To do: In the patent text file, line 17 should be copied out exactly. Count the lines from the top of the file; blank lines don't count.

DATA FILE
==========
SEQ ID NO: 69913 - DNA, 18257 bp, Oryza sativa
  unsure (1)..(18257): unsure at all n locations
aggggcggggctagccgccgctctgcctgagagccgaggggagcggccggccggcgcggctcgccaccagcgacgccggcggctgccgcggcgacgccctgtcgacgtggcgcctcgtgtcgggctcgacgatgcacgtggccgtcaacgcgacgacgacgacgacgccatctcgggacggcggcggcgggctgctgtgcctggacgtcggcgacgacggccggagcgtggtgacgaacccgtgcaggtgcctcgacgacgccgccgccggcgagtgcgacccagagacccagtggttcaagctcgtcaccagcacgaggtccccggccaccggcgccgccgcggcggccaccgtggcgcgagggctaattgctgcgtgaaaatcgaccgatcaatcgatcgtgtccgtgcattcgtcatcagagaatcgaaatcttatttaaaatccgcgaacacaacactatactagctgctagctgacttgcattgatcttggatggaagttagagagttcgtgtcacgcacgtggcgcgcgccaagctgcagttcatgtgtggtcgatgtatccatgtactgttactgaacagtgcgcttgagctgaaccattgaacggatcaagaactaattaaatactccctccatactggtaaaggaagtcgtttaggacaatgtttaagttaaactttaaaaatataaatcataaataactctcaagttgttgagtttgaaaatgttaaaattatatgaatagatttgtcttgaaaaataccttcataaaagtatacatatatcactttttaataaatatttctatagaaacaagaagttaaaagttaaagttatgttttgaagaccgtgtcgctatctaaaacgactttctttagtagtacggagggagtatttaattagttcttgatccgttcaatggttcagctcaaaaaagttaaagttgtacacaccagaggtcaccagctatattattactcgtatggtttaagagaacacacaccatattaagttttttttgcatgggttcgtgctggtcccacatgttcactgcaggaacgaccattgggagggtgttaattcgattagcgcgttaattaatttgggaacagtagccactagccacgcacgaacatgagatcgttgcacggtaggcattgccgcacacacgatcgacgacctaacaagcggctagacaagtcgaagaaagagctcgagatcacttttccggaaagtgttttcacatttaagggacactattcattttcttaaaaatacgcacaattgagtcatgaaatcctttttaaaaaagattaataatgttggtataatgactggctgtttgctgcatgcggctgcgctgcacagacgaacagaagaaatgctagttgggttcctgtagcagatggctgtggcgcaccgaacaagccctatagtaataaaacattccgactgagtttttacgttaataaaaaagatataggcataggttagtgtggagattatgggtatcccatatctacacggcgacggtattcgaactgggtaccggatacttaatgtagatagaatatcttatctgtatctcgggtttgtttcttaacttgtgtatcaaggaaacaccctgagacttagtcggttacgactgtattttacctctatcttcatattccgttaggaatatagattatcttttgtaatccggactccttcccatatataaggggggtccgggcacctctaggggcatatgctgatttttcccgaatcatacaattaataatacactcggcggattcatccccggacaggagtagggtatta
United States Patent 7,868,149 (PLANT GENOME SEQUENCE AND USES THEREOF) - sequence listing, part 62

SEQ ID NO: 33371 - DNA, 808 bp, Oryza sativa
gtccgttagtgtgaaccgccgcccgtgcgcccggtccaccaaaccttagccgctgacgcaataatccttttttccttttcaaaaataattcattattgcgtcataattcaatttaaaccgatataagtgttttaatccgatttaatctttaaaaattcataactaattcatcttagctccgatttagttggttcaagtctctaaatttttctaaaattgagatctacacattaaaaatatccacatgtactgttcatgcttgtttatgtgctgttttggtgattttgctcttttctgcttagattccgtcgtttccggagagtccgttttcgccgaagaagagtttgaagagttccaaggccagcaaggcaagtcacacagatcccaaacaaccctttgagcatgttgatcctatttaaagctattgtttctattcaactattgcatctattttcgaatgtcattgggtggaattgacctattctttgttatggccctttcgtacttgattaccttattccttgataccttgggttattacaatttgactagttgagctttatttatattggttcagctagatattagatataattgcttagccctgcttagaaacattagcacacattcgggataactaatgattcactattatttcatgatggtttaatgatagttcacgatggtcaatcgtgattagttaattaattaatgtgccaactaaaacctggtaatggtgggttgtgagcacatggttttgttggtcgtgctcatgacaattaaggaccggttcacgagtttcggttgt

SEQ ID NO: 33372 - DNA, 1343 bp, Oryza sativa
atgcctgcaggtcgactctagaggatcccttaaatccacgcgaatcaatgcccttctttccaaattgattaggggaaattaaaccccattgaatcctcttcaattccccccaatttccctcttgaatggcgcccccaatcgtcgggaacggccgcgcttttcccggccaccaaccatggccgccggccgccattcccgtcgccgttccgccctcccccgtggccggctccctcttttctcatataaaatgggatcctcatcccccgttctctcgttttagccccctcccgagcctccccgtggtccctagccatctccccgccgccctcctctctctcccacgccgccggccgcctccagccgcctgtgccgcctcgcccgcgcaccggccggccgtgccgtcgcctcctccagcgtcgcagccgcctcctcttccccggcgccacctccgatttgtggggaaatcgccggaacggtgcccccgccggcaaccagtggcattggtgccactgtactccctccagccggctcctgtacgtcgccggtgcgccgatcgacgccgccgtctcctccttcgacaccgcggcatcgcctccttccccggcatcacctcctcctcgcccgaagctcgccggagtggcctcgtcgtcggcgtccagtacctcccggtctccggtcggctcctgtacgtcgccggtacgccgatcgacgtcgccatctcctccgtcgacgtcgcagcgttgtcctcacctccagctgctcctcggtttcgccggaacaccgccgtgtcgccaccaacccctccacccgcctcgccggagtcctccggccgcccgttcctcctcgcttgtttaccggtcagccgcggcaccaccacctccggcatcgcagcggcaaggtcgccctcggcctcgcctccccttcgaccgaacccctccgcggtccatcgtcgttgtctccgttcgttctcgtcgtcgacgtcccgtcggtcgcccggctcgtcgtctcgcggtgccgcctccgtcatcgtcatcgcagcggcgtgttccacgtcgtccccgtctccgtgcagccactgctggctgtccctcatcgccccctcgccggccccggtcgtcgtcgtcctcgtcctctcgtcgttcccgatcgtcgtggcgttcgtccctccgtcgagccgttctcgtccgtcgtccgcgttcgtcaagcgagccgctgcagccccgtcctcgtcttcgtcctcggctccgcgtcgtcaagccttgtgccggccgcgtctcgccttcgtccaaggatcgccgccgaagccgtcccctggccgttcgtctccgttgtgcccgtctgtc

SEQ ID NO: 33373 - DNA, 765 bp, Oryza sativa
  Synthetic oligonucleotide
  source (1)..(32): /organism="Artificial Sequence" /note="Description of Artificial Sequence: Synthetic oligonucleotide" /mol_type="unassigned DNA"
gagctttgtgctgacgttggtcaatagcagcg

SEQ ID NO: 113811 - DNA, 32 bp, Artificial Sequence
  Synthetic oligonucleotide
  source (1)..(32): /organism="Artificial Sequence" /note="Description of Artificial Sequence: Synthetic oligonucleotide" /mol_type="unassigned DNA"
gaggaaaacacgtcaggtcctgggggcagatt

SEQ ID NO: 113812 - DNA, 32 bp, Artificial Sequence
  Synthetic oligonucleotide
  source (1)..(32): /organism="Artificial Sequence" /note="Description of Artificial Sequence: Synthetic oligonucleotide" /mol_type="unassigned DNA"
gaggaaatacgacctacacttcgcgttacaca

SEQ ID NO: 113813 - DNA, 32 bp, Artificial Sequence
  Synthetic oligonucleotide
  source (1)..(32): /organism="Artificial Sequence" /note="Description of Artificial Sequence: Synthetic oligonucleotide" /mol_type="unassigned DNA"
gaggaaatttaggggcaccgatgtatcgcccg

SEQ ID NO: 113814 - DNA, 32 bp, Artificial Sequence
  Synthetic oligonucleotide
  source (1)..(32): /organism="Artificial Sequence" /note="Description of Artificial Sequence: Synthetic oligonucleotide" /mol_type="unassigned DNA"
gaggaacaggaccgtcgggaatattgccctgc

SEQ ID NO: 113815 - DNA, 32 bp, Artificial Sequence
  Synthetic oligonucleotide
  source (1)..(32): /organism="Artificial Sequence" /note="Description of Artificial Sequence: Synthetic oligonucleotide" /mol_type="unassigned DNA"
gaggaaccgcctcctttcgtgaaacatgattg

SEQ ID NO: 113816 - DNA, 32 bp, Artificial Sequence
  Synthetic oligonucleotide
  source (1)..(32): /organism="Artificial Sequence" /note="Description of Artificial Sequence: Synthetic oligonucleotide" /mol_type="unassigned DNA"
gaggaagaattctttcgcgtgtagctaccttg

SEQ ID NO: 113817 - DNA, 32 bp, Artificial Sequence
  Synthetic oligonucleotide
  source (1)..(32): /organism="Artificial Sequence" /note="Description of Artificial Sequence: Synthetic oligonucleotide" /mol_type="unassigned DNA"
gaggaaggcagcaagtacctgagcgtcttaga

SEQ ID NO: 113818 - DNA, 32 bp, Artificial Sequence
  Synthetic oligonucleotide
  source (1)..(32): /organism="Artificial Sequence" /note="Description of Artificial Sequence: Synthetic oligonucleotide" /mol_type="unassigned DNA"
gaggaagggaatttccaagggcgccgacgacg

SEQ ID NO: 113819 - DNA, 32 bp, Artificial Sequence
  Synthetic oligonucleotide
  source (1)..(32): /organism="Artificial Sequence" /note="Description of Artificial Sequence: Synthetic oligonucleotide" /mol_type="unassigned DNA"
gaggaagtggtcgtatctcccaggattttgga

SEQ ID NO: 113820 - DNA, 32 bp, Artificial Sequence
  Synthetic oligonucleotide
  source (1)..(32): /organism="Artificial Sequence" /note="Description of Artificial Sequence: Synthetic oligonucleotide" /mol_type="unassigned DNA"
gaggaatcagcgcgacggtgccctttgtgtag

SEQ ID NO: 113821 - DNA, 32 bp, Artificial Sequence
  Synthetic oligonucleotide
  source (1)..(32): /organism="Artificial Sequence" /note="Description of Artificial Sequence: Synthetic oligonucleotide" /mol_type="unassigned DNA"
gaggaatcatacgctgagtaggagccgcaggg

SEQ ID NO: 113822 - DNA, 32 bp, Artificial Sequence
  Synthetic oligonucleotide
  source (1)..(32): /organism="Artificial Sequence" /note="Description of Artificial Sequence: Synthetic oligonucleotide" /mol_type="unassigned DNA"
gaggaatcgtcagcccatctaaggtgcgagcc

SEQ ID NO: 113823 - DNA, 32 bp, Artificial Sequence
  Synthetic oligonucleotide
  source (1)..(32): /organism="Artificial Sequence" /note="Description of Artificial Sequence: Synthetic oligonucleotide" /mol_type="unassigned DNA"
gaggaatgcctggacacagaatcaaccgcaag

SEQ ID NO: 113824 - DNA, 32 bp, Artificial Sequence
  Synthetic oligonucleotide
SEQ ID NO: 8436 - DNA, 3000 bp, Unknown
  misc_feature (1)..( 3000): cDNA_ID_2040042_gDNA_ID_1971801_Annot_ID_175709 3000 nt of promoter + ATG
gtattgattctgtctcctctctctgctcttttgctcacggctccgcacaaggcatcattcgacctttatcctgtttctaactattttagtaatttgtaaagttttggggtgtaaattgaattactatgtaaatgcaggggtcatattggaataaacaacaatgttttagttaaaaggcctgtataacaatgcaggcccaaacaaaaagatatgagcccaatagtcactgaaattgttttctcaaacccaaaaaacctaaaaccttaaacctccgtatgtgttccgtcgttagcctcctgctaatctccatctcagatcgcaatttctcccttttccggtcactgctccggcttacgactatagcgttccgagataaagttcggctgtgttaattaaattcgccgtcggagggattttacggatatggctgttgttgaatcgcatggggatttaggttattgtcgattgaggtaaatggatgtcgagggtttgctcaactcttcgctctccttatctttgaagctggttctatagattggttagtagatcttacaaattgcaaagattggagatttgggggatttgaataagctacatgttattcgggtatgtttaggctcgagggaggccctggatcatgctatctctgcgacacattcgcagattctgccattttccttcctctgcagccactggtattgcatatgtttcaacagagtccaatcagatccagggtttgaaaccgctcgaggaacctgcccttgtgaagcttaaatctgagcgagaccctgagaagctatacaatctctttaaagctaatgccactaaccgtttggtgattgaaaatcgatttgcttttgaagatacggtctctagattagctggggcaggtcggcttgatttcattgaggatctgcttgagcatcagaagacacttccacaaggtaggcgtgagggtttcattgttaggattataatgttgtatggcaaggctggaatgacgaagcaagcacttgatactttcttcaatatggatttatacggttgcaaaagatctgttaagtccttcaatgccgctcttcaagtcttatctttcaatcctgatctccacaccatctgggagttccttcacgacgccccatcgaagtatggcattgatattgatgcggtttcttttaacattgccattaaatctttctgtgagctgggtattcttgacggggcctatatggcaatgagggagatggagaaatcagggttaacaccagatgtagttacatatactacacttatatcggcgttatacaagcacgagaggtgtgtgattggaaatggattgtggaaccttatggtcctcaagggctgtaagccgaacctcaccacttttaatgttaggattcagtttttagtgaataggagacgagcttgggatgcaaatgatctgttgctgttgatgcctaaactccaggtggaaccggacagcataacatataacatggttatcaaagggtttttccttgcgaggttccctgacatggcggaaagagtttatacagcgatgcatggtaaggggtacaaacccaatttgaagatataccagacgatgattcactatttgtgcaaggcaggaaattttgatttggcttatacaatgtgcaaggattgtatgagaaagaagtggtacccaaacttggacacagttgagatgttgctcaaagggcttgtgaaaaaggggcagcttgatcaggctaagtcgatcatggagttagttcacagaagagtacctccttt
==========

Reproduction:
SEQ ID NO: 113812 - DNA, 32 bp, Artificial Sequence